Like Earth, Mars has seasonal polar caps that grow in the winter and retreat in the spring, but on Mars the seasonal caps are composed primarily of carbon dioxide (dry ice). Carbon dioxide is the major component of the Martian atmosphere, and a significant fraction of the mass of the atmosphere is cycled through the seasonal caps every year.
This image shows sand dunes that are mostly covered by seasonal frost/ice in the northern spring. When the springtime sun shines on the ice, some of it penetrates to the base of the ice and warms the dark sand dune surface below. The warm sand evaporates the carbon dioxide ice from below, building gas pressure that apparently breaks the ice and carries sand to the surface as the pressure is released. The sand then cascades down the surface of the ice, forming the streaks seen in this image.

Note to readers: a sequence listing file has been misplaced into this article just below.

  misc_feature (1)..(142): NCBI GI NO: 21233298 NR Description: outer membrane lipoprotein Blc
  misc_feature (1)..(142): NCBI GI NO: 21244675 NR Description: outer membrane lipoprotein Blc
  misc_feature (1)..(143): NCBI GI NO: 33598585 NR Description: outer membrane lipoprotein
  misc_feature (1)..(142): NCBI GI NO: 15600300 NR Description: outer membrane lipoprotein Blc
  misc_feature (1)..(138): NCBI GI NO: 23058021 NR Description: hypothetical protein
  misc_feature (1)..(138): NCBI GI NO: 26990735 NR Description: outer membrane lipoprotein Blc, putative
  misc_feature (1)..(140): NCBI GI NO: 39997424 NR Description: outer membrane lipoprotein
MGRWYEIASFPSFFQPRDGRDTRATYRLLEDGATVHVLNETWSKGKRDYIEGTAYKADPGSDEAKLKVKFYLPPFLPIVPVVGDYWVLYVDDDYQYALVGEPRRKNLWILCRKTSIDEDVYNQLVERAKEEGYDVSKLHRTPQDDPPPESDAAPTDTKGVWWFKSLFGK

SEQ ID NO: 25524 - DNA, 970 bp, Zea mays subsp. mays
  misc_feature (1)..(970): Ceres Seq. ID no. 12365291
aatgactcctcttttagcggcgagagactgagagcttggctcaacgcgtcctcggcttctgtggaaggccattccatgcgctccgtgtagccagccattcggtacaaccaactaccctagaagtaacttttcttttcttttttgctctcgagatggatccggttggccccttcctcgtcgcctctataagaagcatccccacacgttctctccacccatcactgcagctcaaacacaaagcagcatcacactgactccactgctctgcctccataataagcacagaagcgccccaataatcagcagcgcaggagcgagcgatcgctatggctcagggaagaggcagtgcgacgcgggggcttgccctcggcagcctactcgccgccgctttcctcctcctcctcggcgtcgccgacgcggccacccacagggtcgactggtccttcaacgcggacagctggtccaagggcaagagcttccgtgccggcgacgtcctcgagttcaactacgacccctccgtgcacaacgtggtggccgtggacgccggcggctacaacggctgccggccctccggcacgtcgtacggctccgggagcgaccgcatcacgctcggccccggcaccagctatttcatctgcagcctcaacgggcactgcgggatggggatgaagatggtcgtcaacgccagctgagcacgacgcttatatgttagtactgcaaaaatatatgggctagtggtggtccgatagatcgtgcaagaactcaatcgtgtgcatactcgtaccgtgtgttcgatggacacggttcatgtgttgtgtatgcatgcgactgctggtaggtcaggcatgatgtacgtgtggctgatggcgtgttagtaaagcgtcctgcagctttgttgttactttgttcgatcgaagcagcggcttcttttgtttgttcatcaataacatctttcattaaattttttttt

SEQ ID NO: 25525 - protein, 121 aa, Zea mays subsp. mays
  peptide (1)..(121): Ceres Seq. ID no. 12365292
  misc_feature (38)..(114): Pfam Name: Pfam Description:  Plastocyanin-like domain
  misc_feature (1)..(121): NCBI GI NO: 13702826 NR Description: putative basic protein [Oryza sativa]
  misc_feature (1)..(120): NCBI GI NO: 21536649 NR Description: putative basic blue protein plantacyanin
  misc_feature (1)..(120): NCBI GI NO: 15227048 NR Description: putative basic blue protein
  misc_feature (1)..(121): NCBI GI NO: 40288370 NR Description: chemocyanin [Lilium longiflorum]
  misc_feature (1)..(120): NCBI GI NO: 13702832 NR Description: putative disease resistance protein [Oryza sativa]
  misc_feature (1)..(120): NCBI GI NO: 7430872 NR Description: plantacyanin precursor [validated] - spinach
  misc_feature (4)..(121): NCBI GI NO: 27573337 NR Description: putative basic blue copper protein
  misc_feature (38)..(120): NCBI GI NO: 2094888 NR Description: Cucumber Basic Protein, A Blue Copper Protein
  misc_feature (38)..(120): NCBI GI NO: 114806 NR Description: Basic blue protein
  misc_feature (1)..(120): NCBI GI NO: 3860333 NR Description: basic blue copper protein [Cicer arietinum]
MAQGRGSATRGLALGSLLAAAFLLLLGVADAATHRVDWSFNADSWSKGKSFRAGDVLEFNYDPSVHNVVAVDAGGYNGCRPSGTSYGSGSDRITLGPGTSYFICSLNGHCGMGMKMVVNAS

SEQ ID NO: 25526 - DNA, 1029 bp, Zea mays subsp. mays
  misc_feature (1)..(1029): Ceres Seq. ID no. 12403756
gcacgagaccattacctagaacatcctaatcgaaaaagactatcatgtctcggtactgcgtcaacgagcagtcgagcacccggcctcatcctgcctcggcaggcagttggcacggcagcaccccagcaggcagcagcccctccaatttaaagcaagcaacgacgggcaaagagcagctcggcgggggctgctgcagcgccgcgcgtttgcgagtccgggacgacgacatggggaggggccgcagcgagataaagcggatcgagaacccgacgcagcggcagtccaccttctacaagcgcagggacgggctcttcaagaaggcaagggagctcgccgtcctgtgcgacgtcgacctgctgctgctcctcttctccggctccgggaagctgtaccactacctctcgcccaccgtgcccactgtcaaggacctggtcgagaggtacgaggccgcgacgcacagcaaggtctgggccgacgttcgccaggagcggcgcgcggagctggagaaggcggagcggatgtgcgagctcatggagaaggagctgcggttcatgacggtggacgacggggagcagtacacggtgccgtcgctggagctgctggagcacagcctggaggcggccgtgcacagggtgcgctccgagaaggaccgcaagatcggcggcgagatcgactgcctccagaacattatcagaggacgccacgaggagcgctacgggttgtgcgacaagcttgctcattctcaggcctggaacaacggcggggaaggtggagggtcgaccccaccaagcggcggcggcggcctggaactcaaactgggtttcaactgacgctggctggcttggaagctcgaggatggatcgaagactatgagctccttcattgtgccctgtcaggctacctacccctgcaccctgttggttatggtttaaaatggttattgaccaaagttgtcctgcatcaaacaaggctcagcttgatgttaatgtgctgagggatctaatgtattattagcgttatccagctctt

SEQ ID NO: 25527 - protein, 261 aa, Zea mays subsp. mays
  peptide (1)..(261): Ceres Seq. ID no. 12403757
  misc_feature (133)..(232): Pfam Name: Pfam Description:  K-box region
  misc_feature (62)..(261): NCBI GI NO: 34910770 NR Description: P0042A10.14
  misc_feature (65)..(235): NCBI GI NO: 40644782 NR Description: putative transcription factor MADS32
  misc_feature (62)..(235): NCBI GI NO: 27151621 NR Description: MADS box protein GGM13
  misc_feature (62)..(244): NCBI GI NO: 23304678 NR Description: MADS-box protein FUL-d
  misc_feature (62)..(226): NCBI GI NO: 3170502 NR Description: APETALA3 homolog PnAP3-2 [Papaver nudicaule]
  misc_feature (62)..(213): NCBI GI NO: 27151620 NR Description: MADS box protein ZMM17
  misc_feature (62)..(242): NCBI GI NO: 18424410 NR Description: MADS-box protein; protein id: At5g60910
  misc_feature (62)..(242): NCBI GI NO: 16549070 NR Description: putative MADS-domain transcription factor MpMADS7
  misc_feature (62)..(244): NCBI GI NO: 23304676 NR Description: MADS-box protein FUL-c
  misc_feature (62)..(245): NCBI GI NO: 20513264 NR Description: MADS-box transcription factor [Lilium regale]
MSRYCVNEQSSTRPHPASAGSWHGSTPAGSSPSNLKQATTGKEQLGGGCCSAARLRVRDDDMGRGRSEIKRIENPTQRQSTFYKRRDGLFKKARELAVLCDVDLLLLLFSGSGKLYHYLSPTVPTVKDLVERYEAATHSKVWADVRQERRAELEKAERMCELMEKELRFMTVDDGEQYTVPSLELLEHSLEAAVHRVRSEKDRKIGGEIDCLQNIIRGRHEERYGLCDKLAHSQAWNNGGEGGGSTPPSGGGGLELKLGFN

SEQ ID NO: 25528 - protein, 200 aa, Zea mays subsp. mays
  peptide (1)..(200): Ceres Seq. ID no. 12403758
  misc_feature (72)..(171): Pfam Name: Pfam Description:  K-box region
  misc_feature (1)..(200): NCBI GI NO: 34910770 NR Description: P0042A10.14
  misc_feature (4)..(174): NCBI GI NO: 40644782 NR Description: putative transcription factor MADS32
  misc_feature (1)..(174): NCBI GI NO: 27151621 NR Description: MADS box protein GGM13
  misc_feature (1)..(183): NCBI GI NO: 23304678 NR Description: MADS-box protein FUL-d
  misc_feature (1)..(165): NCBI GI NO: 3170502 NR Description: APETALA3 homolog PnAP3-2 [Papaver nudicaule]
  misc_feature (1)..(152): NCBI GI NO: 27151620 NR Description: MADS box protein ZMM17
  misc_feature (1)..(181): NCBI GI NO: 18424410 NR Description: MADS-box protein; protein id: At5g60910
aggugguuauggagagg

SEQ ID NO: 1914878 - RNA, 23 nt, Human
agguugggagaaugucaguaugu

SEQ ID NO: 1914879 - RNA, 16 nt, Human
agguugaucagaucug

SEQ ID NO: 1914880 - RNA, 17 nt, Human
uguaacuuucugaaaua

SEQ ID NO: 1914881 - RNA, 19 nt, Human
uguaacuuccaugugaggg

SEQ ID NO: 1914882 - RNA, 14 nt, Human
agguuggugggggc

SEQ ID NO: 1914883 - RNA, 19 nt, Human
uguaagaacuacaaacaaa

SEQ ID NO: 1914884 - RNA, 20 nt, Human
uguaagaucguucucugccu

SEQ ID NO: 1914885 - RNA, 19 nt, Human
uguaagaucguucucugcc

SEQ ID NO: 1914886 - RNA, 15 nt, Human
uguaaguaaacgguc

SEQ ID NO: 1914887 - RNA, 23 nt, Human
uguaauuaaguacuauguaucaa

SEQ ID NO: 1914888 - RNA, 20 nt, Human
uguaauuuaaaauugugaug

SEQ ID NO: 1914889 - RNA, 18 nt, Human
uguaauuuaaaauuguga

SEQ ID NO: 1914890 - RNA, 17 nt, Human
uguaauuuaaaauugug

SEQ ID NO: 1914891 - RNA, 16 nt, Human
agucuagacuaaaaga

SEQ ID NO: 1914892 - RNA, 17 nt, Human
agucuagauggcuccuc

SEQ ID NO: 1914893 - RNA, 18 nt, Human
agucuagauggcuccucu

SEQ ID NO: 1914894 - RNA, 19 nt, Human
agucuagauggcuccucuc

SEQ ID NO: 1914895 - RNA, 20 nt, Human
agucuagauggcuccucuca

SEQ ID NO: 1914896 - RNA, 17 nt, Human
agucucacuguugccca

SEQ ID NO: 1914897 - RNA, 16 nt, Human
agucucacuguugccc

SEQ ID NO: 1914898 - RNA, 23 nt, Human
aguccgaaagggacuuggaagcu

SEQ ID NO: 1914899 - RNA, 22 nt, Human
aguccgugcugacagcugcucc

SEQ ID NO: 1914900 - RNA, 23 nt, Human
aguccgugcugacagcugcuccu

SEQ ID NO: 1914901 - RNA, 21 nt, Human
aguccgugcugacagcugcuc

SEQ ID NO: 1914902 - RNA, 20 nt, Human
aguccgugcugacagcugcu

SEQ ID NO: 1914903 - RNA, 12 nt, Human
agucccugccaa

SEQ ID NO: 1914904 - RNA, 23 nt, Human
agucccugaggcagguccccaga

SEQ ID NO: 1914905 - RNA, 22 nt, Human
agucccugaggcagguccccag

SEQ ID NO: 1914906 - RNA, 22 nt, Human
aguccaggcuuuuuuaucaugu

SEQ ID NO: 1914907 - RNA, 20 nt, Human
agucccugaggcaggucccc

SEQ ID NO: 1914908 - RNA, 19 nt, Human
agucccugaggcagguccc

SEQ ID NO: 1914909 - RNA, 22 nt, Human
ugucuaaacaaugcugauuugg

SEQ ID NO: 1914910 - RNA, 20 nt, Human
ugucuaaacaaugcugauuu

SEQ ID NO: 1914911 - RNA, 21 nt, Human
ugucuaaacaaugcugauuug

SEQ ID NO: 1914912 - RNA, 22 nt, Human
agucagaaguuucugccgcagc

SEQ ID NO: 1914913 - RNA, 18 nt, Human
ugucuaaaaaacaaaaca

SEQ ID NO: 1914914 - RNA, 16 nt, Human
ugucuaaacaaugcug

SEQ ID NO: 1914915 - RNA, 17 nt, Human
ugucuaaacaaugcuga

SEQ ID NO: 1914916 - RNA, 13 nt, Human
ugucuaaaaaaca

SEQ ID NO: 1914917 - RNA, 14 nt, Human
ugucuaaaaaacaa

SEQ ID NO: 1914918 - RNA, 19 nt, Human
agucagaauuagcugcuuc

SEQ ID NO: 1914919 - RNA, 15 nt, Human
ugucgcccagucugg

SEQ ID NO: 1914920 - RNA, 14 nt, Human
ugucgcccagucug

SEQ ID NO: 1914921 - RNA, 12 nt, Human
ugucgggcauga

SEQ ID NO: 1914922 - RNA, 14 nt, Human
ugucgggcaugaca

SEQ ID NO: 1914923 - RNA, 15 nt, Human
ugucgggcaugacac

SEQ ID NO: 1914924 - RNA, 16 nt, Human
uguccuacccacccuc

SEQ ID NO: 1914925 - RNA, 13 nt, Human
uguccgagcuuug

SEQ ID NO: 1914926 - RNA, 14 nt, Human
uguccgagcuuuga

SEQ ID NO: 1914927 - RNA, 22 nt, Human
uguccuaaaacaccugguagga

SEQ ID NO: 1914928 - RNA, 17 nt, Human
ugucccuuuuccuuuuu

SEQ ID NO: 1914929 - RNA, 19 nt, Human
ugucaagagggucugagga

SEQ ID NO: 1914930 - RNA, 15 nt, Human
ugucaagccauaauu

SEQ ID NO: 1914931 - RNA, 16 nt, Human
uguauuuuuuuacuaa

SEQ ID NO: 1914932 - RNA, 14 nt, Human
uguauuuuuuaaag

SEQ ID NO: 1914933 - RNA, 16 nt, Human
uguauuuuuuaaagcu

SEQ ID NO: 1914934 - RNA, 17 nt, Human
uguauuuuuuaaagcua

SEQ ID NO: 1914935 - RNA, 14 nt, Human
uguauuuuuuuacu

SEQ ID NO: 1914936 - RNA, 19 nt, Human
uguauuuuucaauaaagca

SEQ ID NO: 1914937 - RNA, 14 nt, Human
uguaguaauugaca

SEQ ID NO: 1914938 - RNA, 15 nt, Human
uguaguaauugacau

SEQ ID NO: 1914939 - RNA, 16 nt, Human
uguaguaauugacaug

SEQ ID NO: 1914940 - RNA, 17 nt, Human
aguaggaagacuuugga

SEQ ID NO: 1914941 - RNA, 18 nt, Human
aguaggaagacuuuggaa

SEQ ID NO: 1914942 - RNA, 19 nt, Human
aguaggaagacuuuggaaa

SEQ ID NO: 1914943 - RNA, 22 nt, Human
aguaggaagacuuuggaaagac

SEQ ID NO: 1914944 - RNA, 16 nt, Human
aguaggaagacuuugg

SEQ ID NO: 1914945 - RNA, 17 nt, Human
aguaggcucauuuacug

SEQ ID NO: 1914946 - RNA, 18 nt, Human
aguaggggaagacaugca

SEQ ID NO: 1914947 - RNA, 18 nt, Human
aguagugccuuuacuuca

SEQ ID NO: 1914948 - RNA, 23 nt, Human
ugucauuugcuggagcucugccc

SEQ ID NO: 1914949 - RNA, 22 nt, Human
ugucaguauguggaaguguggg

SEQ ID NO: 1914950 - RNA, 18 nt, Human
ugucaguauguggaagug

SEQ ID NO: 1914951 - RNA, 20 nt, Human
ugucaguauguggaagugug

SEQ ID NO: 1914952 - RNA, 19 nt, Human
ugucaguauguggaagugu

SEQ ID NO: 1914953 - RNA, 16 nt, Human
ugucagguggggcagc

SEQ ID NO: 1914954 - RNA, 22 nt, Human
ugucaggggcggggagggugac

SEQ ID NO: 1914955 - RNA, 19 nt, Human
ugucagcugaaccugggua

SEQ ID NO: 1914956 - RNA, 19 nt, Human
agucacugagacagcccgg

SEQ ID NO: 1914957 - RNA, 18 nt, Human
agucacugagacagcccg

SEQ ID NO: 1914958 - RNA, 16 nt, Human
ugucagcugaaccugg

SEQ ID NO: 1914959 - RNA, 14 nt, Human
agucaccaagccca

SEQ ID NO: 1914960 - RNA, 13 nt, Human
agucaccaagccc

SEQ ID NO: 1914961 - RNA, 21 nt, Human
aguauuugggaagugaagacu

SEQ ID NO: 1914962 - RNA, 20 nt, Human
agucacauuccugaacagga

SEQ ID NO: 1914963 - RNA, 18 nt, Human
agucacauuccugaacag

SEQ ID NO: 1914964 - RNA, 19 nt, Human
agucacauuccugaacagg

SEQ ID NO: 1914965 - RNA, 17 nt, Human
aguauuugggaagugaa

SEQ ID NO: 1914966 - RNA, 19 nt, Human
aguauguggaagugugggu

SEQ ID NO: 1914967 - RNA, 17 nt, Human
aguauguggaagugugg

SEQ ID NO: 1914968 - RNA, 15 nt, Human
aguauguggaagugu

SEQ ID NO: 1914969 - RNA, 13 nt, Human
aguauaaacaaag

Photo image: NASA/JPL/University of Arizona
Notes: These sand dunes are located in the Vastitas Borealis, just south of the Planum Boreum. For the "streaks" link above, I chose to link to "Avalanches" as opposed to dark slope streaks, the reason being that, while the streaks of sand upon the ice are somewhat reminiscent of slope streaks, they are probably more similar to a very small scale avalanche of sand cascading down the ice. Dark slope streaks are formed when a small avalanche of bright dust and sand reveals a darker-colored substrate underneath; however, that is not the case here. Here, the opposite is happening, where dark sand is covering up the lighter-colored ice.